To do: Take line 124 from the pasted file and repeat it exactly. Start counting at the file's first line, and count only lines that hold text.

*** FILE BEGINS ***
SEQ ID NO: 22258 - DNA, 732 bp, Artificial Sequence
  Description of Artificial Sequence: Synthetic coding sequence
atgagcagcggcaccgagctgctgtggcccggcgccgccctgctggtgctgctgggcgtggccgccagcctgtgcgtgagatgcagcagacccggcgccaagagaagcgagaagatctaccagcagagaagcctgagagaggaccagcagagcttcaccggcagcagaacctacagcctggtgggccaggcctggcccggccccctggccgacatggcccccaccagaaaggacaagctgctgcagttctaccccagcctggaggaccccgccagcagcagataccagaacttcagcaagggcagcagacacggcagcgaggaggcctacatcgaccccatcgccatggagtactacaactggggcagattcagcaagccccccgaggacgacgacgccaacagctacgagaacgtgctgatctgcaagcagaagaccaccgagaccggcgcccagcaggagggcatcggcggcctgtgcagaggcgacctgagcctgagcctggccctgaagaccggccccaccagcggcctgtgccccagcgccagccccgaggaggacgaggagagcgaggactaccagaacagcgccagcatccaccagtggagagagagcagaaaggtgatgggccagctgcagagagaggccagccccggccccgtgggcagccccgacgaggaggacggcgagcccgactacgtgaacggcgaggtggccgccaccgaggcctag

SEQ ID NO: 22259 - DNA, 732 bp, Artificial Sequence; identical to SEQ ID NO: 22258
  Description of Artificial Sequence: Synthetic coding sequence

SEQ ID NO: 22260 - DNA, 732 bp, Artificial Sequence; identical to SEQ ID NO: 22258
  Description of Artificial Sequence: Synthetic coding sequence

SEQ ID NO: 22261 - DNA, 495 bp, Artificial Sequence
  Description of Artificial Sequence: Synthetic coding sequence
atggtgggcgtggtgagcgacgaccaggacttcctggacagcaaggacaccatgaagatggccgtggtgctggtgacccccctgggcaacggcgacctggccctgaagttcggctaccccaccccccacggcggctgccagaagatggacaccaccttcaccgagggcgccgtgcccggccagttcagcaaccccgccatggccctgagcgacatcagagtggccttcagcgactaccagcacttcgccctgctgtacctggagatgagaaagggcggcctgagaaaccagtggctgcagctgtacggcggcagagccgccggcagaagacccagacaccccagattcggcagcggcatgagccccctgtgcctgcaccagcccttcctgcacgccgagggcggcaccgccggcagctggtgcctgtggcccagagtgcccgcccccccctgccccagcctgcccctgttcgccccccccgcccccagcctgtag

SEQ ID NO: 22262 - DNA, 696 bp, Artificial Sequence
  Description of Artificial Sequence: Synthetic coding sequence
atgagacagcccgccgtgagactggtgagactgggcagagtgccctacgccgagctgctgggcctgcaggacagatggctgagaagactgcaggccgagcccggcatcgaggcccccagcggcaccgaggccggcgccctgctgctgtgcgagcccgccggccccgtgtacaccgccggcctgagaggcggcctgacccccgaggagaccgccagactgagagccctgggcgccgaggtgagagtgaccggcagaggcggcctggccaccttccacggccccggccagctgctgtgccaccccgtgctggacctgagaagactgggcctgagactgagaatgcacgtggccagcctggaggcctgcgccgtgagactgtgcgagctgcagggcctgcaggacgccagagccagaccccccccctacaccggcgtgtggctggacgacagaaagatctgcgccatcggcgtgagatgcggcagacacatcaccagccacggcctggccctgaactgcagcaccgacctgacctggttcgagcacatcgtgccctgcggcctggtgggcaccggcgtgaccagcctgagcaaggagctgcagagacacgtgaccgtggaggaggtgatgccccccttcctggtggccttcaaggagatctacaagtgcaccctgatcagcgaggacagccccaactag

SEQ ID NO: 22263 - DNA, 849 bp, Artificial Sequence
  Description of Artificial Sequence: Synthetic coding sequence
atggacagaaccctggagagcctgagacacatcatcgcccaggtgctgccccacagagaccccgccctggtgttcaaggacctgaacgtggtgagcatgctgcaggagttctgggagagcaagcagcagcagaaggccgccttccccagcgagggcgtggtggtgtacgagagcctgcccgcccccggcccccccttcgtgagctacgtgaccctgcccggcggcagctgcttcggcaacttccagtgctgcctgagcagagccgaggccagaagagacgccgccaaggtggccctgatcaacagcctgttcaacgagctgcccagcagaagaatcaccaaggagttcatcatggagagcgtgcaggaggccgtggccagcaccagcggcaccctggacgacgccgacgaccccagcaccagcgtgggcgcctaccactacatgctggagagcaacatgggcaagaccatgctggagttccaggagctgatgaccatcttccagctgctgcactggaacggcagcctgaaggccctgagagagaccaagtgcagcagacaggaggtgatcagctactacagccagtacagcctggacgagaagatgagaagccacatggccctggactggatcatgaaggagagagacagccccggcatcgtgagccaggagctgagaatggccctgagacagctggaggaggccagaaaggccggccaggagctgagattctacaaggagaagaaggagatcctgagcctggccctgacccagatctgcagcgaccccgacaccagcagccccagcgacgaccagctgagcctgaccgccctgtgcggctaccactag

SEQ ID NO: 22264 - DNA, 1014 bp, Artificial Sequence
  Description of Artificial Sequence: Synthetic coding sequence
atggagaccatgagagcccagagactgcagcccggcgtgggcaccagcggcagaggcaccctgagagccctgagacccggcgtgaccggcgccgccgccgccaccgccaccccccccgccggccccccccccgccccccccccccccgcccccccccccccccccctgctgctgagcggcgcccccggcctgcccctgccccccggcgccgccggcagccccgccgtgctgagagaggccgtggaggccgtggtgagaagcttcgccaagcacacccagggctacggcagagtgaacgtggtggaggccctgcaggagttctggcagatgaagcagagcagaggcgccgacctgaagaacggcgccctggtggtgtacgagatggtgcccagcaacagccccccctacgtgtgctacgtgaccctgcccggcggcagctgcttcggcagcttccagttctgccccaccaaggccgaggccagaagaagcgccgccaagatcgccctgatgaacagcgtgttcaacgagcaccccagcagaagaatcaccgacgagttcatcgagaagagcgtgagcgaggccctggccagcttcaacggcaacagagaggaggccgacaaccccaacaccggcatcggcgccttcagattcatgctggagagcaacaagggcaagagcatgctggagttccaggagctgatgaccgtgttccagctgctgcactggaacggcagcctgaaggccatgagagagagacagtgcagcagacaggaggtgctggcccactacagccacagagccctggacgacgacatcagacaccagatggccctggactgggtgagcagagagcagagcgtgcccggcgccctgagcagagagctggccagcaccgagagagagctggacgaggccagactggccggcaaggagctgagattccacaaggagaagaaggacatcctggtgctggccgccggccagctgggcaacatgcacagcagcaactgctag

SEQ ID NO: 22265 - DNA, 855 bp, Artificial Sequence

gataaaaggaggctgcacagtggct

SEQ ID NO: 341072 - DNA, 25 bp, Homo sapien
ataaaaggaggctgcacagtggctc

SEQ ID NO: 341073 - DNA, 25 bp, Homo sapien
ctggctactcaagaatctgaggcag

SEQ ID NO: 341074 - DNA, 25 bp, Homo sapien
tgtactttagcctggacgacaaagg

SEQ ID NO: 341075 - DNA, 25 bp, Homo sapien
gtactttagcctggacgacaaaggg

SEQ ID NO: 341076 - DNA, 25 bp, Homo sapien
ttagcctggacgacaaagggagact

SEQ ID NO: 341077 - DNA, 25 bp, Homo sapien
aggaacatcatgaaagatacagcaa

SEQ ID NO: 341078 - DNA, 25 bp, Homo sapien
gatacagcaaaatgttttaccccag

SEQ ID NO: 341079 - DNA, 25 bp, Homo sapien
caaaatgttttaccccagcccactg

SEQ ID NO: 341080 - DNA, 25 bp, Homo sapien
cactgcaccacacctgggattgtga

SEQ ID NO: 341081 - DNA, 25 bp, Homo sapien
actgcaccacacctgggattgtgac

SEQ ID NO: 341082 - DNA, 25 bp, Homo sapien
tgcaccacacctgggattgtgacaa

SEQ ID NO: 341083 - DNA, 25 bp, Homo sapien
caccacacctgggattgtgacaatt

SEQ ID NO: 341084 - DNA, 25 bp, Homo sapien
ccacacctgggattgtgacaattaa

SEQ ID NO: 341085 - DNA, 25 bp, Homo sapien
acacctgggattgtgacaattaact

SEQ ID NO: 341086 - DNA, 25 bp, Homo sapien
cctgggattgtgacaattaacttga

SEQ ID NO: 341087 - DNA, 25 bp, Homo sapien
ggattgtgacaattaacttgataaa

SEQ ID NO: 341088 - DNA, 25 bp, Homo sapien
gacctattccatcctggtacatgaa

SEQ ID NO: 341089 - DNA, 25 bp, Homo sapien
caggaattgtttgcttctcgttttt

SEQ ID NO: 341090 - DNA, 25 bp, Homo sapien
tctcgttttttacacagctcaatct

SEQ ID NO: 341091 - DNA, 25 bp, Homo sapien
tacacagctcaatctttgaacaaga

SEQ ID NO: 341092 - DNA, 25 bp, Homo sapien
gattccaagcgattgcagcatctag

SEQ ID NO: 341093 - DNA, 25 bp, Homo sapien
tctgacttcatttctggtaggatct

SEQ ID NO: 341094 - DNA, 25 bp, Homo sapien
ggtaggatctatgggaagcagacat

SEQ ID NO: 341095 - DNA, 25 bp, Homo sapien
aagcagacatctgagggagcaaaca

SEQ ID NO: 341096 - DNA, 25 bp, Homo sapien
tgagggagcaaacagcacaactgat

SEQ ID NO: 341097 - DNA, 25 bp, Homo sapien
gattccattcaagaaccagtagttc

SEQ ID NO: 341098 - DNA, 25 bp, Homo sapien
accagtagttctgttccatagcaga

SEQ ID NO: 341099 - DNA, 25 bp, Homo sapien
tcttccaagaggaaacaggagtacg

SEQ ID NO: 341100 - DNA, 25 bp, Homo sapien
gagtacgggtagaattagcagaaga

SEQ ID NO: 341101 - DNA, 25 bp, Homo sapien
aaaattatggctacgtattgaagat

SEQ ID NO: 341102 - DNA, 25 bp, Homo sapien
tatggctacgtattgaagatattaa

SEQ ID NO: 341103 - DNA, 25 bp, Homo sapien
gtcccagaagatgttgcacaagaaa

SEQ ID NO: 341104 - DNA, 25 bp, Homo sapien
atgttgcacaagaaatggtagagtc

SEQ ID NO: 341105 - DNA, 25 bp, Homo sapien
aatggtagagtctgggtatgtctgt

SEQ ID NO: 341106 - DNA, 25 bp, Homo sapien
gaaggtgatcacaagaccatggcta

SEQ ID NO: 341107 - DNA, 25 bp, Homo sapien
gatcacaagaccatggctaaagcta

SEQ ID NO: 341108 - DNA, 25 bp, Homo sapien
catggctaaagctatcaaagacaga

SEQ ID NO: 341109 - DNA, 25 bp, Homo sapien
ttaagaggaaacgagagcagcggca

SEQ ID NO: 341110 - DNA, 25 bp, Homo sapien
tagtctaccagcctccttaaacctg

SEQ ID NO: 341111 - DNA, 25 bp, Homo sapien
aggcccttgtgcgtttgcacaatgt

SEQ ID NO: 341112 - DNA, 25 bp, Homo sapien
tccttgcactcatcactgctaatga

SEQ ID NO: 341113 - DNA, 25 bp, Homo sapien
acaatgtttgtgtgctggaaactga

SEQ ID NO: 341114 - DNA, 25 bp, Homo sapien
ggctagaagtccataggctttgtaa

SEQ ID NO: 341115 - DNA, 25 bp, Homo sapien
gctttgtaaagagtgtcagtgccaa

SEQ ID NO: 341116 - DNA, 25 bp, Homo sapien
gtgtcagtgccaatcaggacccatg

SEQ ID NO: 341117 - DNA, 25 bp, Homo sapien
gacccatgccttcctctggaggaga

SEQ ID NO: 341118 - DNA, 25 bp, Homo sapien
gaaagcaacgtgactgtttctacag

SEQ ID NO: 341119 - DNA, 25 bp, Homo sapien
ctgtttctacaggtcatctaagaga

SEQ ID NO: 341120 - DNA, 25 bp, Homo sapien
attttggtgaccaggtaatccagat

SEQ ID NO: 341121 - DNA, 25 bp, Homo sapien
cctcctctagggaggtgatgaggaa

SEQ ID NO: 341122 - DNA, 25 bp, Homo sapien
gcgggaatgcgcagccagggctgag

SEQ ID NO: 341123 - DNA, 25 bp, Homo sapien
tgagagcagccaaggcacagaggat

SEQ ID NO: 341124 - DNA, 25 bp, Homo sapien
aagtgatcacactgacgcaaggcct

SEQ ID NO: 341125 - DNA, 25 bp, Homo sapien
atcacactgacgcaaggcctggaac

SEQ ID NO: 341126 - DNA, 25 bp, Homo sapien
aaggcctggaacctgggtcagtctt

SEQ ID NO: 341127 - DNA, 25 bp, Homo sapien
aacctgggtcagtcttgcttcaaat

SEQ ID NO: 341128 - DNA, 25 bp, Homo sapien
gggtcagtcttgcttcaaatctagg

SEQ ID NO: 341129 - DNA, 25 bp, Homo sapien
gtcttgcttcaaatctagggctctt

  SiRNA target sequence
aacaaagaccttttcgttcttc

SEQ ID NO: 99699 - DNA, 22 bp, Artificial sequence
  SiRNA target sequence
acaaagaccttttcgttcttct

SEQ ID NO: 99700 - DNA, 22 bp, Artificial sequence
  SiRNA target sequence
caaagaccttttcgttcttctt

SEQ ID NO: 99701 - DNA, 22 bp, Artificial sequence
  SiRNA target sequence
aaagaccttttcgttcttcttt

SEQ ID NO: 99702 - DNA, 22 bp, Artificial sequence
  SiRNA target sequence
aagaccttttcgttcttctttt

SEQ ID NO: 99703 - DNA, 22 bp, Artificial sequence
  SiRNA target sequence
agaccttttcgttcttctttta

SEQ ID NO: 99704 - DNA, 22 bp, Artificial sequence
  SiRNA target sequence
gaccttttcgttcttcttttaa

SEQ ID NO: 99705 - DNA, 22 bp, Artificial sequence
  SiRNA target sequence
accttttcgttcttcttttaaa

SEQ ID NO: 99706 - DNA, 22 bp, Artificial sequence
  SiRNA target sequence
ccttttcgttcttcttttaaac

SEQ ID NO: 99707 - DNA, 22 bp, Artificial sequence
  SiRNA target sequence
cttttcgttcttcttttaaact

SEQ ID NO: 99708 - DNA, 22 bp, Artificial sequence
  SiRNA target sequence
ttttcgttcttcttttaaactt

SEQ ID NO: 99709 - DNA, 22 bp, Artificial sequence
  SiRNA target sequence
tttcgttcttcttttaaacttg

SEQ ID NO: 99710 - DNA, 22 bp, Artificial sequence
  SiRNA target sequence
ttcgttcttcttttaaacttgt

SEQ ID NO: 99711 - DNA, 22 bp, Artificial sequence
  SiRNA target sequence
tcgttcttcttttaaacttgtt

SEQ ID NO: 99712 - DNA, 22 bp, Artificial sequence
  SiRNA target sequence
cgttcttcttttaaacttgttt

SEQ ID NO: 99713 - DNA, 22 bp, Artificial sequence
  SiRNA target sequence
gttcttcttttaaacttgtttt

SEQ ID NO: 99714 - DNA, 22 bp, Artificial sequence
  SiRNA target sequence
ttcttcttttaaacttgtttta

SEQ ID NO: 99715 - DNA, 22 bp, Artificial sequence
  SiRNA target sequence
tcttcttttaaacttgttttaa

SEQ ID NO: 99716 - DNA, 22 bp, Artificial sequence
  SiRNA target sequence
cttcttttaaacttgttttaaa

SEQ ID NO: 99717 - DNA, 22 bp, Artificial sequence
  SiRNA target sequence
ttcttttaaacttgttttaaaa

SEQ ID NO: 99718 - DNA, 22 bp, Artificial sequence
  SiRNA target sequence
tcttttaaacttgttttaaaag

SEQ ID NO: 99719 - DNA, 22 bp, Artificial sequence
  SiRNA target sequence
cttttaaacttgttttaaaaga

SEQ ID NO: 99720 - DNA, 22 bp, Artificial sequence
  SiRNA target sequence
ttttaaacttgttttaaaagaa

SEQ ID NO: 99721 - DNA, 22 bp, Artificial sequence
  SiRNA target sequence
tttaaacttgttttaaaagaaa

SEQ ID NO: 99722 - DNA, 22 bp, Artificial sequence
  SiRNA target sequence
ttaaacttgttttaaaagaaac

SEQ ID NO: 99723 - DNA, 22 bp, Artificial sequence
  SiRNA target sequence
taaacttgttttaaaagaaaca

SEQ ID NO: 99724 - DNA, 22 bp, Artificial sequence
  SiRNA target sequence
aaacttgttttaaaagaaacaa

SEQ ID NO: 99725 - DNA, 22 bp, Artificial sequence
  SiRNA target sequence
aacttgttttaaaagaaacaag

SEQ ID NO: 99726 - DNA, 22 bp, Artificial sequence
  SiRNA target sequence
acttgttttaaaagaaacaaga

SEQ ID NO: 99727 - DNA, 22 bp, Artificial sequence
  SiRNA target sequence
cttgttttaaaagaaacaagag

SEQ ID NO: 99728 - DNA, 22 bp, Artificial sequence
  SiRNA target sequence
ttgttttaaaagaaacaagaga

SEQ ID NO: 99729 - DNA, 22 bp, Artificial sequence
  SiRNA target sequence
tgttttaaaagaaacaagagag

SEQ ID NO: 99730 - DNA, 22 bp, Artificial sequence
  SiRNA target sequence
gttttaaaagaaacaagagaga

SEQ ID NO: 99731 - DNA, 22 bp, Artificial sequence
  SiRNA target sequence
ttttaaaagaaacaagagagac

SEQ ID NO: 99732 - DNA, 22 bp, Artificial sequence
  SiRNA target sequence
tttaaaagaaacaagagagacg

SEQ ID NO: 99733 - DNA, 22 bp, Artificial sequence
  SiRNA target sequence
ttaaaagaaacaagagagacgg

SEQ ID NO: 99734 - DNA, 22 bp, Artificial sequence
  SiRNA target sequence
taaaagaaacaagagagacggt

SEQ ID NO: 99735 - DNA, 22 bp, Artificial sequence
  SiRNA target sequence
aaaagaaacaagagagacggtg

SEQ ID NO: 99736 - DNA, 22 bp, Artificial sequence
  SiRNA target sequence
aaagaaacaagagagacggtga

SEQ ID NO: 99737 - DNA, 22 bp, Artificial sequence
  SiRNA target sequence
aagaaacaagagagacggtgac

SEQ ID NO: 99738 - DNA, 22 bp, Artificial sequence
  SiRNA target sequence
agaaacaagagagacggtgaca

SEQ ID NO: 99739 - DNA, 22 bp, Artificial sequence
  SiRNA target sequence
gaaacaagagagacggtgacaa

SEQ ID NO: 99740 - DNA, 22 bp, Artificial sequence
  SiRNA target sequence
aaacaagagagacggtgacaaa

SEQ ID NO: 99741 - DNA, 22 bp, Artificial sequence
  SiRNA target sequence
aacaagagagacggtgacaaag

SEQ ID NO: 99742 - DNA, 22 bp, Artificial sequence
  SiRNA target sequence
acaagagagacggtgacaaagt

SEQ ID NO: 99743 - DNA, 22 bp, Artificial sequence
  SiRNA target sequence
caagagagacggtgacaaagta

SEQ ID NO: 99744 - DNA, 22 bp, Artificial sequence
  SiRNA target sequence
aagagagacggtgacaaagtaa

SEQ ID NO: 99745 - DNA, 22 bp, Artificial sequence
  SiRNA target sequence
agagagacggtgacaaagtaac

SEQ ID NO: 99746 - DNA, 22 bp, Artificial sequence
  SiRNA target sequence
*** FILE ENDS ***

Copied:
SEQ ID NO: 341123 - DNA, 25 bp, Homo sapien